no. the platform payments and the licensing fees cancel themselves out during the life of the agreement(untill 2016) with nokia even paying more to microsoft. so all the money nokia puts in r&d, developer conferences and app exclusives come from their own pocket

I hope no one really expects to see a "Surface Phone" with Nokia doing this well and Microsoft investing revenue into the Nokia research. If you want a Surface Phone, look no further than the Lumia 1K.

Surface Pro is in the works, but it will not be released unless WP does not gain the adoption rates that MS wants to see. It will by used like the Surface RT/Pro, as a device to spur interest and give OEM's something to go off of. The Surface devices are not meant to be flagship devices to dominate the market.

What could spur more interest than Nokia's Lumia range and their constant updates and support? Microsoft would have to go some to produce something better, if they do kudos but I dont see that happening.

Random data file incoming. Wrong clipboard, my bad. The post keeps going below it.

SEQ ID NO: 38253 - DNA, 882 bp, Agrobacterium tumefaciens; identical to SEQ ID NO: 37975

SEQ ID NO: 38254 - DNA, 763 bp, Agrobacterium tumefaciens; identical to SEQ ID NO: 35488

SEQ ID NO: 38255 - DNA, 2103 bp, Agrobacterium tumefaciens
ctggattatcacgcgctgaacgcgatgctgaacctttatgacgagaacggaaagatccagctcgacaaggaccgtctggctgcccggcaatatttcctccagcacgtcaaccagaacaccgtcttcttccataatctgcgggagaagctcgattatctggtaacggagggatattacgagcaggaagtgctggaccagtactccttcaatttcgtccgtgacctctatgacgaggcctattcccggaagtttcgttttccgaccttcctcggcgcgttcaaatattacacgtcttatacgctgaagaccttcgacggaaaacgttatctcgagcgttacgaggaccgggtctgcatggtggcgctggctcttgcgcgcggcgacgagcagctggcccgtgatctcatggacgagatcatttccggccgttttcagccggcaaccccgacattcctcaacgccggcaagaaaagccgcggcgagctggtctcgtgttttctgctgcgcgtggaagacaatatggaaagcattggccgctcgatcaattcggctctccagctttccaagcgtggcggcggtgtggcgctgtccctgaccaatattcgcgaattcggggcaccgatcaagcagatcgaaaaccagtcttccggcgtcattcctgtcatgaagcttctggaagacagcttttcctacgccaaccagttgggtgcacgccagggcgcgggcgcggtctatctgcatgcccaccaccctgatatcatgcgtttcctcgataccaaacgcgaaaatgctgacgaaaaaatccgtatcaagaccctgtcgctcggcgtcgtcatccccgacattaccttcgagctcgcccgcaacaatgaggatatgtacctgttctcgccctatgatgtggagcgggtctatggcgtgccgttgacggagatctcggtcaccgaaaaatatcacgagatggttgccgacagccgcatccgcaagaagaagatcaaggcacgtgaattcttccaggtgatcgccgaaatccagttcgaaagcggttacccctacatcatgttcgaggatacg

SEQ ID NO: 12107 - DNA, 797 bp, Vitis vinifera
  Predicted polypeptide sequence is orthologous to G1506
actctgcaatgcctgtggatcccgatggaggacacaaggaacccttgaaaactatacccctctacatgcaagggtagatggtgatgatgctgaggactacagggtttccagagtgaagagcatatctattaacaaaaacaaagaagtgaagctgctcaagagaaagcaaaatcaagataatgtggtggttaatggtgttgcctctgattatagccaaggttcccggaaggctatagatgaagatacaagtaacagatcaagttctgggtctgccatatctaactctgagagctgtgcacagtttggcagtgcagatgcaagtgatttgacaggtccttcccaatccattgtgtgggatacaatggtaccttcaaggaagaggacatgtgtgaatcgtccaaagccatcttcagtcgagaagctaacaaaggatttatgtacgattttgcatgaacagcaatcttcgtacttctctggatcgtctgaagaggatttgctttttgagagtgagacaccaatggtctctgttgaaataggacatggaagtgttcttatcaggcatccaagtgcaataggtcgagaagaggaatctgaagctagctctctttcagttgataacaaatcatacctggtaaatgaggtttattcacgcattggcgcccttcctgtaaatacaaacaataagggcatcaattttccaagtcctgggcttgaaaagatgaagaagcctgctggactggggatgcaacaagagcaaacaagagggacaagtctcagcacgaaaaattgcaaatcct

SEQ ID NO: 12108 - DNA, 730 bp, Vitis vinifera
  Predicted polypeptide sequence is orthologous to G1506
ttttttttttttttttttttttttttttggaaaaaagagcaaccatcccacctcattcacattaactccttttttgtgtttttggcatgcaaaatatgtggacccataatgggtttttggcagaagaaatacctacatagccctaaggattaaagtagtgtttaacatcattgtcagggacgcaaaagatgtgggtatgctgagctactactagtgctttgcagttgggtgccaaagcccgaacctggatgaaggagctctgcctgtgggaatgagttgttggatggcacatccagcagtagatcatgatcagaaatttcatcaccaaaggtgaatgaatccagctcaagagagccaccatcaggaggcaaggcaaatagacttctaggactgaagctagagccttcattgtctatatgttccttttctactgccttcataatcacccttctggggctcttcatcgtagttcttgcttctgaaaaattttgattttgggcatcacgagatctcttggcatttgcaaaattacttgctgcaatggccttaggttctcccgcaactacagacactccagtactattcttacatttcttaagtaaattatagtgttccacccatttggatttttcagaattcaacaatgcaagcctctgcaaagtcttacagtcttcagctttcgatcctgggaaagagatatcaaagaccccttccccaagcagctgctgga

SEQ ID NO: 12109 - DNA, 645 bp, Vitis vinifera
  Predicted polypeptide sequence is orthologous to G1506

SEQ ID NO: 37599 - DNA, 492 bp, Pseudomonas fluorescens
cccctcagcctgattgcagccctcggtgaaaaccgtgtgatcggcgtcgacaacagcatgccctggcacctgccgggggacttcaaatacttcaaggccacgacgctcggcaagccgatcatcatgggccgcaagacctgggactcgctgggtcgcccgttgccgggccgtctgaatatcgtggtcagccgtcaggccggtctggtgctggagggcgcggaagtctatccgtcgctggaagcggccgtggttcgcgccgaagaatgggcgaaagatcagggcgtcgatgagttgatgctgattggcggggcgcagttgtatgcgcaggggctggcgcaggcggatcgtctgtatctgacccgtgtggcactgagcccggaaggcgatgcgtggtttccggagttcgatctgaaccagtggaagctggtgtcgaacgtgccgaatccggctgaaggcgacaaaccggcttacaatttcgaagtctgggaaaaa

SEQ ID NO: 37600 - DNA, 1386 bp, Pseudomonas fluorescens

A Surface phone would certainly spur more interest than Lumia if it's positioned as a Nexus type device. If MS could double publish apps in both a MS store and the Nokia Collection, along with the device being network unlocked and getting updates first before Nokia? Then make it 4.5" or 4.7" 1080p and put the Snapdragon S4 Pro in it? I'd buy 2 right now.

such a device and strategy was needed by ms in the tablet world,and even there it didn't payed off cause most oems who wanted to release rt devices,gave up on the idea pretty quickly.
 
as for the phones part, they already have 3 top oems doing their best work with wp,both in design and quality of the devices and features. ms doesn't have anything to contribute here. a nice design and that's it. plus they already said the 8x is the signature device( termn that they use with windows when an oem doesn't install bloatware on the machine and has a pure windows experience) with the pure wp experience,nothing modified,no extra features. there really isn't any need for a surface phone